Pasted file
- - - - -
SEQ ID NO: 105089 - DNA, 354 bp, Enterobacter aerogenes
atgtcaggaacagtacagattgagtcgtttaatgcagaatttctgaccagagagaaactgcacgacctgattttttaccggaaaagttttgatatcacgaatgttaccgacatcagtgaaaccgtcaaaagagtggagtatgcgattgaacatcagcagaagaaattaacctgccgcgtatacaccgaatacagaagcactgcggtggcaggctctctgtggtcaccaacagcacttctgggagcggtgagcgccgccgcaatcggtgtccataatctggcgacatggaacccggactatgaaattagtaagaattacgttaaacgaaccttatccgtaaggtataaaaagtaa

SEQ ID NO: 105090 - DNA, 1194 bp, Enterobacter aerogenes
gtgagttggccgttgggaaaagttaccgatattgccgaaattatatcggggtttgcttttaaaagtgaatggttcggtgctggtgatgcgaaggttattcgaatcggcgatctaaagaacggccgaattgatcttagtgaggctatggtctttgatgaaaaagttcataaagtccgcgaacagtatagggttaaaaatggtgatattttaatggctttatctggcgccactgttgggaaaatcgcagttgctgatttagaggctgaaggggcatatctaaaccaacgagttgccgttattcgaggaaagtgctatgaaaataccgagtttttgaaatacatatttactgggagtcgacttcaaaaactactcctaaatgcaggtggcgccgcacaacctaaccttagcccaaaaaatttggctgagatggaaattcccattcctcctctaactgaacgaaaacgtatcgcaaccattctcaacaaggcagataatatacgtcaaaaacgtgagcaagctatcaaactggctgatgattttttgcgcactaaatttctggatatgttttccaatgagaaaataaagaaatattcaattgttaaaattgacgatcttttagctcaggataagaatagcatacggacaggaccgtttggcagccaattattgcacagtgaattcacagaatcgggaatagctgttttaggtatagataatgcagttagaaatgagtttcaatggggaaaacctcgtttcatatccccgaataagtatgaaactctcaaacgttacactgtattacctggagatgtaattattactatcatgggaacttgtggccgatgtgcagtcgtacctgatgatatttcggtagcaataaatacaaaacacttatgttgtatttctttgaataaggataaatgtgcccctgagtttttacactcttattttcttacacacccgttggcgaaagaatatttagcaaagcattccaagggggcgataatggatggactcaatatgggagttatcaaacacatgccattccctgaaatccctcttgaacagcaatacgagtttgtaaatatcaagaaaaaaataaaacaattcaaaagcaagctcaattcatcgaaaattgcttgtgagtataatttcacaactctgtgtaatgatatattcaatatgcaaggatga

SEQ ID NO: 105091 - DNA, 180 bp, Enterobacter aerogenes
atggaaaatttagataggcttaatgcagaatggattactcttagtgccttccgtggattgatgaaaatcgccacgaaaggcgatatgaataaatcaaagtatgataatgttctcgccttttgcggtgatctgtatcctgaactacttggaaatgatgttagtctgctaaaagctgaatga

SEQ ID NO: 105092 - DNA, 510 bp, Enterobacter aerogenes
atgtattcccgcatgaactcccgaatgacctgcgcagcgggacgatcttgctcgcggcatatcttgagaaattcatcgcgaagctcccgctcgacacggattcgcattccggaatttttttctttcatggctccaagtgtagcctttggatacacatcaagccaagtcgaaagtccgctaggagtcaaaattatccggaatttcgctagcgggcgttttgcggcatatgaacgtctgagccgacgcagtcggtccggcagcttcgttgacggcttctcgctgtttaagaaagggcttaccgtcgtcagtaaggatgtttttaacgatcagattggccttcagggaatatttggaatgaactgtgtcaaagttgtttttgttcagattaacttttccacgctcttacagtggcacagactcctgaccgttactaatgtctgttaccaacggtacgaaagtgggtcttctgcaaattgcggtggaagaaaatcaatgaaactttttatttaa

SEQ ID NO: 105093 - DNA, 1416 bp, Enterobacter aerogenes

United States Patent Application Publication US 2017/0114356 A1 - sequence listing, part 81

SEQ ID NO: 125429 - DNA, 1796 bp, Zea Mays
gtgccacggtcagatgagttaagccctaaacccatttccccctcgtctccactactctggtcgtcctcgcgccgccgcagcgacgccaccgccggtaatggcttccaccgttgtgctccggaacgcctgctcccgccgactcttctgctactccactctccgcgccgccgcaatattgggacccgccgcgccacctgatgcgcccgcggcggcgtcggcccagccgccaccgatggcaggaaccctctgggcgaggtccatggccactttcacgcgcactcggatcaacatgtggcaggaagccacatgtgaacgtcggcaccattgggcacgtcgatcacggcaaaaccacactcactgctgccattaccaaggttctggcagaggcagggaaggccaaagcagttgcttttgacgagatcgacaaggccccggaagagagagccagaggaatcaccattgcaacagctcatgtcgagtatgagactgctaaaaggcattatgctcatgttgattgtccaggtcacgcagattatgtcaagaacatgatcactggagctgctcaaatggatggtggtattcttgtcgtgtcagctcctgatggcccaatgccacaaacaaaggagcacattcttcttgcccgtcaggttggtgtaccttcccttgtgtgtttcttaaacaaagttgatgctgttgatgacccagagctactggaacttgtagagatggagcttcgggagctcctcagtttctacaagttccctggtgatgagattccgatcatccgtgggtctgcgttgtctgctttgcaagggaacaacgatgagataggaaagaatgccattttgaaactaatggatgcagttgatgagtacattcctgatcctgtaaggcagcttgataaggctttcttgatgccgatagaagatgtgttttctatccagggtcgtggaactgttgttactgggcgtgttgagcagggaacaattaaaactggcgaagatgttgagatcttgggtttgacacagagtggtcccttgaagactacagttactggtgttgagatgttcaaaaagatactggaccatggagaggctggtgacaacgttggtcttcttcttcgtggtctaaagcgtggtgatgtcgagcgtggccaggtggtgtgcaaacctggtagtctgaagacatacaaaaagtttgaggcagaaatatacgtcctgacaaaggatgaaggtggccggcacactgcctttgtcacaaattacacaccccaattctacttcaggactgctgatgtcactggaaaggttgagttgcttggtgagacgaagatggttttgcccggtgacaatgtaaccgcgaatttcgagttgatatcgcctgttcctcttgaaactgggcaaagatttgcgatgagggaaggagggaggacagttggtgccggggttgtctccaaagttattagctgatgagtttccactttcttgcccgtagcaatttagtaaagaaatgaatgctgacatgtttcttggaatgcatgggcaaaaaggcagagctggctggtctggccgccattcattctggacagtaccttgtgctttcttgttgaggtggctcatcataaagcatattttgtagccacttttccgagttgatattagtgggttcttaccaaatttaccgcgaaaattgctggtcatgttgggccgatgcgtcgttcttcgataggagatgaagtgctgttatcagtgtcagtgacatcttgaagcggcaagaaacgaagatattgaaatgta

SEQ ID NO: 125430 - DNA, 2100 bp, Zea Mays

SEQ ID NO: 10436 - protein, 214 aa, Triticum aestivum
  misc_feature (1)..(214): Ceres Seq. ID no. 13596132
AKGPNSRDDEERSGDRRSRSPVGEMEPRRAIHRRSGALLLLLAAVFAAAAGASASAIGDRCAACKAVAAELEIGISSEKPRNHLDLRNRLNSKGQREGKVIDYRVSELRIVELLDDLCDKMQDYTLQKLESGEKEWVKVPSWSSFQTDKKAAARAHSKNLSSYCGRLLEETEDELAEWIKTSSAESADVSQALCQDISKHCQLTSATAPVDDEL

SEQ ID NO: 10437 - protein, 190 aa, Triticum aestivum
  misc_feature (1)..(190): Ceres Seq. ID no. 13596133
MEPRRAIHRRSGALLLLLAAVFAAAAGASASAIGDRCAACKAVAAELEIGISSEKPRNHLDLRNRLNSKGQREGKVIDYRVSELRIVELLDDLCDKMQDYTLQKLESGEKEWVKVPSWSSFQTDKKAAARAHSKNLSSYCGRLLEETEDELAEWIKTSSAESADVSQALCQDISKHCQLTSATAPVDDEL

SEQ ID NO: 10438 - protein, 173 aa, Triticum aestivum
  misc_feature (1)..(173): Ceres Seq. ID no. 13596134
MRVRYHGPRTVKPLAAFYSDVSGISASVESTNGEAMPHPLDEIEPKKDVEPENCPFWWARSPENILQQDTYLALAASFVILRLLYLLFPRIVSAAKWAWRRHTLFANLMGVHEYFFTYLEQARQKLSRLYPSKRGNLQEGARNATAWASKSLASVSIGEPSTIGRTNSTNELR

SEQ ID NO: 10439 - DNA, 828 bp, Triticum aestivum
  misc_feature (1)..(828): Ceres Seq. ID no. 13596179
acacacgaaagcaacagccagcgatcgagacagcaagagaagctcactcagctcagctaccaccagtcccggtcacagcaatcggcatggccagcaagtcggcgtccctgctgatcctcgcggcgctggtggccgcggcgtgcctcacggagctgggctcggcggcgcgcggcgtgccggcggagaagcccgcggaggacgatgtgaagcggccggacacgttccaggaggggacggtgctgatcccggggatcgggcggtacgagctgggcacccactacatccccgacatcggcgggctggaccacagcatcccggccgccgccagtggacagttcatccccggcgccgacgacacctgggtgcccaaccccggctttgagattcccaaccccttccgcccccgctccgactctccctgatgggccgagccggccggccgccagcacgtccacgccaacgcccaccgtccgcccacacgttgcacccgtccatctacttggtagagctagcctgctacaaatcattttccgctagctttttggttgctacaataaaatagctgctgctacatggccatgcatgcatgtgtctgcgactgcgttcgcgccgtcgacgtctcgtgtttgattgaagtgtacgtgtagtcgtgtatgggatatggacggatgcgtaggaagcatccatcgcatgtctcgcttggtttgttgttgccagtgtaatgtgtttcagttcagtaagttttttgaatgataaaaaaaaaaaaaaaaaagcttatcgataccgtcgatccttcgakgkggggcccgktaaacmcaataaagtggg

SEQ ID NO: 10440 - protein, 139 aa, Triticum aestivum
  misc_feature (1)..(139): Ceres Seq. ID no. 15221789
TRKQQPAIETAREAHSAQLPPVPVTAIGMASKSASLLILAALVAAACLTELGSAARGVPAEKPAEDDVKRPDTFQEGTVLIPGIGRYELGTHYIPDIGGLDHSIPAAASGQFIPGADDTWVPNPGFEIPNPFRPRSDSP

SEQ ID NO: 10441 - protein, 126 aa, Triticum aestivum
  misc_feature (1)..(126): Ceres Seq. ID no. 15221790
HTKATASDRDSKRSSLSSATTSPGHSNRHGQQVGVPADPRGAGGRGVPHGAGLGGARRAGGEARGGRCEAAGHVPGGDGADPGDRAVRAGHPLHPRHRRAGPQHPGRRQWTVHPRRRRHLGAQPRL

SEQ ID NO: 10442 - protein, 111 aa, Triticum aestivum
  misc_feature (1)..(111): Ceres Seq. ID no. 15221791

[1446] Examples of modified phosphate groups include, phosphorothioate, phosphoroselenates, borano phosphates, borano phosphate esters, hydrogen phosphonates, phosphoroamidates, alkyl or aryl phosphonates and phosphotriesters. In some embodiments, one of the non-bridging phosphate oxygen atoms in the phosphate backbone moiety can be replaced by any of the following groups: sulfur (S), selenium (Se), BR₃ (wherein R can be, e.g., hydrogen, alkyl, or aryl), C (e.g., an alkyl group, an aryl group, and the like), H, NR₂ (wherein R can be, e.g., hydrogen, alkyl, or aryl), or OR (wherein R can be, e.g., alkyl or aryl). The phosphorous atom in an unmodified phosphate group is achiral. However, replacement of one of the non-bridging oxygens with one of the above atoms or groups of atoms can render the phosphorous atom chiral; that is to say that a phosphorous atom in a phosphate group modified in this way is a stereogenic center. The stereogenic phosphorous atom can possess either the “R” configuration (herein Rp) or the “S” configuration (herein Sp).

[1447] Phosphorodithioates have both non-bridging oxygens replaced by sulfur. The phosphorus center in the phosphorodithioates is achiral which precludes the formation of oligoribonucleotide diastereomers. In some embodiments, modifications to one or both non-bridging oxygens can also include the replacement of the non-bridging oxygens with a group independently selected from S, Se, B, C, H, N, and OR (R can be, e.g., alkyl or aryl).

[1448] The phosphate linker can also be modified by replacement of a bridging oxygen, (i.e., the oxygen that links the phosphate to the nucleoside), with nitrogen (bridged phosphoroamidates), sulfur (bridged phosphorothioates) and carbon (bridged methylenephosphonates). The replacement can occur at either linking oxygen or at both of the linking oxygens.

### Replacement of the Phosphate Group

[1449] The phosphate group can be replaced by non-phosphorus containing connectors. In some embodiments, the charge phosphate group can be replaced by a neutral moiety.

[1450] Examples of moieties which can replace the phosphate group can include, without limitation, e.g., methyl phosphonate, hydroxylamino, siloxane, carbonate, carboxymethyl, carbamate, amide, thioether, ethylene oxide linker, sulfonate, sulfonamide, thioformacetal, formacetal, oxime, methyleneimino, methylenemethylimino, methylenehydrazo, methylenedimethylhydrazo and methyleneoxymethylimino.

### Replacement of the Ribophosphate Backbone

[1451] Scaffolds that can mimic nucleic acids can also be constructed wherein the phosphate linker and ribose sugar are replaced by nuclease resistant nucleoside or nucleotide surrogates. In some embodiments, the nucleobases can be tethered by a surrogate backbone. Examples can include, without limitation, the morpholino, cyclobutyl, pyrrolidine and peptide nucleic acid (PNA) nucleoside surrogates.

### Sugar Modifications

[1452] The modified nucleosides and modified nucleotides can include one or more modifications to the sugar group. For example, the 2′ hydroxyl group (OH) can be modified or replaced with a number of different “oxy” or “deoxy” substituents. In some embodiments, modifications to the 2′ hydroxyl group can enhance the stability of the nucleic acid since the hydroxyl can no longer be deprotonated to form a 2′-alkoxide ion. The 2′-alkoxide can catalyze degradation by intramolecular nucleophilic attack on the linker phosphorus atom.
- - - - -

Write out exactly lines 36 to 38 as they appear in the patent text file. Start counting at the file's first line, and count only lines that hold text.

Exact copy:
[1448] The phosphate linker can also be modified by replacement of a bridging oxygen, (i.e., the oxygen that links the phosphate to the nucleoside), with nitrogen (bridged phosphoroamidates), sulfur (bridged phosphorothioates) and carbon (bridged methylenephosphonates). The replacement can occur at either linking oxygen or at both of the linking oxygens.

### Replacement of the Phosphate Group

[1449] The phosphate group can be replaced by non-phosphorus containing connectors. In some embodiments, the charge phosphate group can be replaced by a neutral moiety.